The second course of the evening was a little counter-intuitive. Normally, we would have moved to the Pinot Noir, but we chose to go with the 2010 Grenache, Mourvedre, Syrah, Santa Barbara County. This wine has a velvety smoothness to it, with hints of sweet spices, that just popped out of the glass, when paired with the Roasted Chicken and Apple Sausage, served with roasted Fennel and Grapes. Sometimes, pairings work well, and other times, they are fantastic. This was one of the best pairings I have had with wine...a real "wow". The cinnamon and spice in the sausage worked beautifully with the flavors of the predominately Grenache based wine.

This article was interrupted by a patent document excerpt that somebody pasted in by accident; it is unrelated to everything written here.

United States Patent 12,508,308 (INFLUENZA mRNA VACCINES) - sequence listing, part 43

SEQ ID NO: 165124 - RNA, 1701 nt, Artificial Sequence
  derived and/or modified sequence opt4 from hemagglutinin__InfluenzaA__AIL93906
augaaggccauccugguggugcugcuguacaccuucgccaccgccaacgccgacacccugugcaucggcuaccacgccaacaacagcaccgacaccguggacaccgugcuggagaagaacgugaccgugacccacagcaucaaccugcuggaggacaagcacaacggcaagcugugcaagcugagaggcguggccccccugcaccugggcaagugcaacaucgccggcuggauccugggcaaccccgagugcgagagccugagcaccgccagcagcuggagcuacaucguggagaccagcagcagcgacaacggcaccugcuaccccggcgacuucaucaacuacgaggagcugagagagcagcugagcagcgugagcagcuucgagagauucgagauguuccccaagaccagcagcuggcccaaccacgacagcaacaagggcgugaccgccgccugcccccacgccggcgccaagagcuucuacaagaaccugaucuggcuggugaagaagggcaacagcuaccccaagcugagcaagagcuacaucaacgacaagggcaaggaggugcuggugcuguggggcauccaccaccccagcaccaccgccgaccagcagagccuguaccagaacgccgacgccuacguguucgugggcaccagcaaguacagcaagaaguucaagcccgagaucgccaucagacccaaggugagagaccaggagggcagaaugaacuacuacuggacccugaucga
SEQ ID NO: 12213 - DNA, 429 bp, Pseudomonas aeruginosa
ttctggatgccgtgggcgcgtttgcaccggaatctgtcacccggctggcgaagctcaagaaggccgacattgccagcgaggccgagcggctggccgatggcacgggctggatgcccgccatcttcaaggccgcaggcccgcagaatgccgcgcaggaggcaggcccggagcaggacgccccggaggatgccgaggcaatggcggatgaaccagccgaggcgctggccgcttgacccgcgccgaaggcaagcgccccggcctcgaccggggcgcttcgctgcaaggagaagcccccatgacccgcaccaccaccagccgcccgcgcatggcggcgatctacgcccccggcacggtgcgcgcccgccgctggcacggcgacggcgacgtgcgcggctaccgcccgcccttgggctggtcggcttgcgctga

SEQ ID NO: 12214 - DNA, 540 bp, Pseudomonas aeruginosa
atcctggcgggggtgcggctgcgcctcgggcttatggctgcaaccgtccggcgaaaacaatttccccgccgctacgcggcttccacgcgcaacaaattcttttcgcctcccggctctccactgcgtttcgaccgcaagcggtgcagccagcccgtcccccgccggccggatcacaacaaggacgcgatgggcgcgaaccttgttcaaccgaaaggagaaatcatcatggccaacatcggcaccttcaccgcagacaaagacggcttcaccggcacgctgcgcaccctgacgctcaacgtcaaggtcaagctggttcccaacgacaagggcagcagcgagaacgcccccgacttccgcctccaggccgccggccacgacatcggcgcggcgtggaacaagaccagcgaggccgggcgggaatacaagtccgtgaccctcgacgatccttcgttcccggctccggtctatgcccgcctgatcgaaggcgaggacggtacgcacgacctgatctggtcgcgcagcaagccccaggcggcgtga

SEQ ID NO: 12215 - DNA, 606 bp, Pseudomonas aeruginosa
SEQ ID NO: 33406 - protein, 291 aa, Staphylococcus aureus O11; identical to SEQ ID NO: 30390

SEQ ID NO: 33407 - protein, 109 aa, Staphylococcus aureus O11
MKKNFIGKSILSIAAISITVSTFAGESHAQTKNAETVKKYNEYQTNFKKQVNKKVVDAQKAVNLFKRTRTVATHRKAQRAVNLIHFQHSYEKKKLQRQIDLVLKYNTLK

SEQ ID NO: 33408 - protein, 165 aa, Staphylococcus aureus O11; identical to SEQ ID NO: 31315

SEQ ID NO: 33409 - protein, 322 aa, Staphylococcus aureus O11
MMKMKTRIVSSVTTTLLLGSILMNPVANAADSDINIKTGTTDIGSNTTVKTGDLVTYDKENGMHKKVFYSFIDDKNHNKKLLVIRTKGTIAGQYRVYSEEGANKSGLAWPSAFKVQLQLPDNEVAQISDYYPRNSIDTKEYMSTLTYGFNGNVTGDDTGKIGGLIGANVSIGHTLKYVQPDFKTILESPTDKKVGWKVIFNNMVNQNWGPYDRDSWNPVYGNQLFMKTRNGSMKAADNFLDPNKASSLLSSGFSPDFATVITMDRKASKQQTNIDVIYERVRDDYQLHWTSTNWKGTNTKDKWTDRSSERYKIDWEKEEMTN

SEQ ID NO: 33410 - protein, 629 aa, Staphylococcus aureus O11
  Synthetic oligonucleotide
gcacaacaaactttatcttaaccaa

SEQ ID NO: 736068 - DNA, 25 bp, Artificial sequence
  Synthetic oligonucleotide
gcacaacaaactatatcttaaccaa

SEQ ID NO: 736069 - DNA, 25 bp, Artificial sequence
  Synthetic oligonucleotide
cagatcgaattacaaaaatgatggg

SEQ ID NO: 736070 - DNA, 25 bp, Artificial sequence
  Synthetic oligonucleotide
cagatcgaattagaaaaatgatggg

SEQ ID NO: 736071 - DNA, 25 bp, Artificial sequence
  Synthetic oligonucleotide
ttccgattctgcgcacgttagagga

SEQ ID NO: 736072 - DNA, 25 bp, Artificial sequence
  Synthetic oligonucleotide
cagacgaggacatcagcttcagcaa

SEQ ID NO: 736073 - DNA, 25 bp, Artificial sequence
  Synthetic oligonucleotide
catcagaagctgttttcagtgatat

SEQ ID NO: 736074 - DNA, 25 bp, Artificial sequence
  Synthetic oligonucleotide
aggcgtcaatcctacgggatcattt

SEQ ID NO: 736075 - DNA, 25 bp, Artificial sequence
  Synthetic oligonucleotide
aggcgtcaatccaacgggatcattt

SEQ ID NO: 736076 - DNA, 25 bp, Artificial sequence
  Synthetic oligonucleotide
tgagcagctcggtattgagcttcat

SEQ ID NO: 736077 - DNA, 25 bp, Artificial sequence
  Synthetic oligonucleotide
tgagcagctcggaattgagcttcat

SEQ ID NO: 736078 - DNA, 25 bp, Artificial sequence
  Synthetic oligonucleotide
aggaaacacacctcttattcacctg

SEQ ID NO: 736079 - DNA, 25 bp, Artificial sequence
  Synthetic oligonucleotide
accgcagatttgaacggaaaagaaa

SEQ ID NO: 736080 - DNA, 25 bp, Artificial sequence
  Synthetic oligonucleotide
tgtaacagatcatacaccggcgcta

The third course was  grilled salmon filet with French Green Lentils and a Berry Thyme Sauce, and a side of grilled peach. This was paired with the 2010 Pinot Noir, Sta. Rita Hills. The wine is very full bodied for a Pinot Noir, and the berry aromas jump from the glass. There was a lot going on with this plate and the wine, and I felt the wine was overpowered by the entree. If done again, I think I would replace the salmon with a duck breast, as the salmon skin left a fish aftertaste that didn't work with the Pinot Noir.